The world of Bratsk is collapsing.
In the north, Volchok is in the throes of social collapse, torn apart by a decade-long civil war between Blood Neprev and its revolutionary enemies, the Obshina.
In the west, Blood Voron of Tal’dor finds itself at the mercy of its own priesthood, a fanatical clergy of religious bedlamites dedicated to the worship of Neruna, the one true god.
In the east, Blood Rurik of the Nur Dal looks longingly northwards, and dreams of stamping its own authority on the power vacuum that afflicts Volchok.
But somewhere within the rubble and the chaos, a rogue Order of necromancers plots to bring down this circus of power, this charade of control, this freakshow of force, and put paid to the lie that human dominion in Bratsk counts for something.
Humans do not mean a thing. Not anymore.
The Abiding Veil is falling. The necromancers have made sure of it. Soon that eternal boundary between the land of the living and the land of the dead will fade into oblivion, and death, that ultimate arbiter of all things, will become a historical curiosity, a whispered memory.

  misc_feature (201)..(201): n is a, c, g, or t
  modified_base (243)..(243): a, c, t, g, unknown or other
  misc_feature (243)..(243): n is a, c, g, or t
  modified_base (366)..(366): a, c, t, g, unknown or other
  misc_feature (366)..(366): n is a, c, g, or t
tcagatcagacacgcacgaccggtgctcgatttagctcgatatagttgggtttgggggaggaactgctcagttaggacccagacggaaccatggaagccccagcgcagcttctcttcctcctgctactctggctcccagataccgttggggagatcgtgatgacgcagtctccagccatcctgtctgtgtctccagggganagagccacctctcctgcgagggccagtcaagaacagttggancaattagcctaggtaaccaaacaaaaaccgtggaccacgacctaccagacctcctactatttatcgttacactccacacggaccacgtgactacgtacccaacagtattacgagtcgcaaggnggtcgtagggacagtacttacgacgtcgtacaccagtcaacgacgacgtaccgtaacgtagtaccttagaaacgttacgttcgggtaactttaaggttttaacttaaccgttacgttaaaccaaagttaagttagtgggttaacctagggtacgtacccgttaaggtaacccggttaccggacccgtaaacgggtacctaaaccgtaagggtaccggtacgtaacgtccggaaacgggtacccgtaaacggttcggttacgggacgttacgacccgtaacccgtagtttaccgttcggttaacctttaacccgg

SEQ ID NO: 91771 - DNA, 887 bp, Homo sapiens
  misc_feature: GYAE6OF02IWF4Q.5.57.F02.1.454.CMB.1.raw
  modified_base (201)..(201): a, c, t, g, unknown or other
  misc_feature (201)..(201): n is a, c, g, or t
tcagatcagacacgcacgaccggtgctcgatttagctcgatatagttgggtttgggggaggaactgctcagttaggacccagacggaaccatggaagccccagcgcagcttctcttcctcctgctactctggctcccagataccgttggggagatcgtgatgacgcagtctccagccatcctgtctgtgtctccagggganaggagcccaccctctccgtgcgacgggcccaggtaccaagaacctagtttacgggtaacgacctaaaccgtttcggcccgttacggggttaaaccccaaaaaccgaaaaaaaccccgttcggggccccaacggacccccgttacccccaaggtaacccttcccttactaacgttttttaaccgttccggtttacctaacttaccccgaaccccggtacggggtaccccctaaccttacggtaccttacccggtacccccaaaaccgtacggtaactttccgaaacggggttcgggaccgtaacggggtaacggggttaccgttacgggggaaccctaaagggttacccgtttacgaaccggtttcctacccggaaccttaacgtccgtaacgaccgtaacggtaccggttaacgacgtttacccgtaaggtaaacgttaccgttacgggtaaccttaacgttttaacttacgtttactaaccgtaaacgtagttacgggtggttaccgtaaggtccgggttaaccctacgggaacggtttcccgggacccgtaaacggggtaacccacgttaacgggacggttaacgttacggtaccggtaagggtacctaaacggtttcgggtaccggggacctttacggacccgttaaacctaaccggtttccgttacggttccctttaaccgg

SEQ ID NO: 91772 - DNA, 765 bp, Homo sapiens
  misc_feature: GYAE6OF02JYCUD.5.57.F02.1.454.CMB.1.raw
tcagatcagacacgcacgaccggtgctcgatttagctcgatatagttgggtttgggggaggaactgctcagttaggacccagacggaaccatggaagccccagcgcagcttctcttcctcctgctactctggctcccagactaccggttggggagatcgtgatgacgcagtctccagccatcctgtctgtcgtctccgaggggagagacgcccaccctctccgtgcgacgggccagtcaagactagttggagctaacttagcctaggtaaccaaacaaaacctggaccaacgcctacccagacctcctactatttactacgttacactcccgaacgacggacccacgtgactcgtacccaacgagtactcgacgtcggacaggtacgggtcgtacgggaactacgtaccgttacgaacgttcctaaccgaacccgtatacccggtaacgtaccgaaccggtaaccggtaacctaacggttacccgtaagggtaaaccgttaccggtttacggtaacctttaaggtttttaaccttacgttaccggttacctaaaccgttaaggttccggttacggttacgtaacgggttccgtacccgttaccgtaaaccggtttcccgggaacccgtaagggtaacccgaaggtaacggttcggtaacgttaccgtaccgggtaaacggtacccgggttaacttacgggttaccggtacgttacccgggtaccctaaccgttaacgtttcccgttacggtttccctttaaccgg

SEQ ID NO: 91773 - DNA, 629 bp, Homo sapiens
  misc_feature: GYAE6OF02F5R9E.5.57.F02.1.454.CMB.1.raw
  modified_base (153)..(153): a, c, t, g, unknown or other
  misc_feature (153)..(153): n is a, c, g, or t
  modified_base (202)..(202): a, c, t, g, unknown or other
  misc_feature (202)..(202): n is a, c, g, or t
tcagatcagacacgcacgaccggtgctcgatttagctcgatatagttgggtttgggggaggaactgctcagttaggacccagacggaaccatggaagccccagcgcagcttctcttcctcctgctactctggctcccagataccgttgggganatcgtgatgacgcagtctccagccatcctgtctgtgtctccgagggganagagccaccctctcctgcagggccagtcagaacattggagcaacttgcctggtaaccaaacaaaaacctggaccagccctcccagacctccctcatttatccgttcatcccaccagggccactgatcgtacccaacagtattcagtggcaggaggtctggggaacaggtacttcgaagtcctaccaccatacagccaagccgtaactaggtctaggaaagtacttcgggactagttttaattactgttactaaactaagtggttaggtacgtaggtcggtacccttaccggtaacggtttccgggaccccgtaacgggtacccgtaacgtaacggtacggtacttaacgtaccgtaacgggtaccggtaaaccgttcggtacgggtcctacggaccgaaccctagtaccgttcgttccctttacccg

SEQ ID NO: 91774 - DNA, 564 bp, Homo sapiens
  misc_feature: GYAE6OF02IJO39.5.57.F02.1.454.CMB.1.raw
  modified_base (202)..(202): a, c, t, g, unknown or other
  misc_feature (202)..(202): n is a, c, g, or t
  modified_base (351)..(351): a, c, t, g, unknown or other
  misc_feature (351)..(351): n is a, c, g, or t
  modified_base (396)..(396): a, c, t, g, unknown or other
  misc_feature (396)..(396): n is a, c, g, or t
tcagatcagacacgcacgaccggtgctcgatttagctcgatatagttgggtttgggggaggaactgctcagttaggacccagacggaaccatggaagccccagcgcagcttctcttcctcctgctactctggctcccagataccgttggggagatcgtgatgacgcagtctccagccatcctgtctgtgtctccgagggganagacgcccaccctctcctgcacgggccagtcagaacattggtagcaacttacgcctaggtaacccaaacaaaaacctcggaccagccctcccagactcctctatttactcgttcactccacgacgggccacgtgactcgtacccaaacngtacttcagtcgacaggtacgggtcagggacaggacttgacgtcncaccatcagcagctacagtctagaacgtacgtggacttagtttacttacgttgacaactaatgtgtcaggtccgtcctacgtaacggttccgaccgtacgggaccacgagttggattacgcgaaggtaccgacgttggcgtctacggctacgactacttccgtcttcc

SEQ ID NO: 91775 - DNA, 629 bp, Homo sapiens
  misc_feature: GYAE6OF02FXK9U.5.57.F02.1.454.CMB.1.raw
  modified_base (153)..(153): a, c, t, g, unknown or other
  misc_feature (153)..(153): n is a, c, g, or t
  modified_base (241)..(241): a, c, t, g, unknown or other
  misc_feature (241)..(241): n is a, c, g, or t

Blood Neprev. Blood Voron. Blood Rurik. All will cease to be. Their populations will surge, their cities will collapse. Starvation will afflict their princes and their paupers; disease and plague will ravish them equally. The war for resources will herald the annihilation of their lands.
Soon, the peoples of Bratsk will understand. Immortality without eternal youth will be a living hell.
And all the while, the necromancers will wait. Wait until the world falls beneath its own crush of inextinguishable, unending life, until anarchy becomes the only ordering principle of existence.
And from the debris of this broken, pestilential world, the embers of a new one will be ignited. A world without Volchok, Tal’dor, and the Nur Dal. A world without the Bloods.
For the necromancers shall inherit Bratsk.
And the dawn of the Nekromika will break.